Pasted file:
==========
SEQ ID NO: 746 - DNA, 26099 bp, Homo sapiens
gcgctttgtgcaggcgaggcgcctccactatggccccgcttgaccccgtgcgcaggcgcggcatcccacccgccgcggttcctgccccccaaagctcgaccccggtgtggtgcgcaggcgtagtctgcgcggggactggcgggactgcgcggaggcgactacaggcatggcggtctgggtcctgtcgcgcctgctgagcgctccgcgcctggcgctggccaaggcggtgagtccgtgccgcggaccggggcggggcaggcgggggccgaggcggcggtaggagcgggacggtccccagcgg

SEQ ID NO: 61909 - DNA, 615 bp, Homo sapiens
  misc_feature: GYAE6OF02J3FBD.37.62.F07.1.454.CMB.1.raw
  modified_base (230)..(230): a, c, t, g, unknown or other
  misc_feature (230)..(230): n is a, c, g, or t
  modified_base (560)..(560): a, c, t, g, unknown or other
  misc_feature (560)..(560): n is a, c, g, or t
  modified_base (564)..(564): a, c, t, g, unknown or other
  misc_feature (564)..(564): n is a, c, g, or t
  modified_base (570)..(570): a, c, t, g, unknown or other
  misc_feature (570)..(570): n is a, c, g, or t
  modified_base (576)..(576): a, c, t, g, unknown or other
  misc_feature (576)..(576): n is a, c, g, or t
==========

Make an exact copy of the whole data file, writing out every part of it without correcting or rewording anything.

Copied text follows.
SEQ ID NO: 746 - DNA, 26099 bp, Homo sapiens
gcgctttgtgcaggcgaggcgcctccactatggccccgcttgaccccgtgcgcaggcgcggcatcccacccgccgcggttcctgccccccaaagctcgaccccggtgtggtgcgcaggcgtagtctgcgcggggactggcgggactgcgcggaggcgactacaggcatggcggtctgggtcctgtcgcgcctgctgagcgctccgcgcctggcgctggccaaggcggtgagtccgtgccgcggaccggggcggggcaggcgggggccgaggcggcggtaggagcgggacggtccccagcgg

SEQ ID NO: 61909 - DNA, 615 bp, Homo sapiens
  misc_feature: GYAE6OF02J3FBD.37.62.F07.1.454.CMB.1.raw
  modified_base (230)..(230): a, c, t, g, unknown or other
  misc_feature (230)..(230): n is a, c, g, or t
  modified_base (560)..(560): a, c, t, g, unknown or other
  misc_feature (560)..(560): n is a, c, g, or t
  modified_base (564)..(564): a, c, t, g, unknown or other
  misc_feature (564)..(564): n is a, c, g, or t
  modified_base (570)..(570): a, c, t, g, unknown or other
  misc_feature (570)..(570): n is a, c, g, or t
  modified_base (576)..(576): a, c, t, g, unknown or other
  misc_feature (576)..(576): n is a, c, g, or t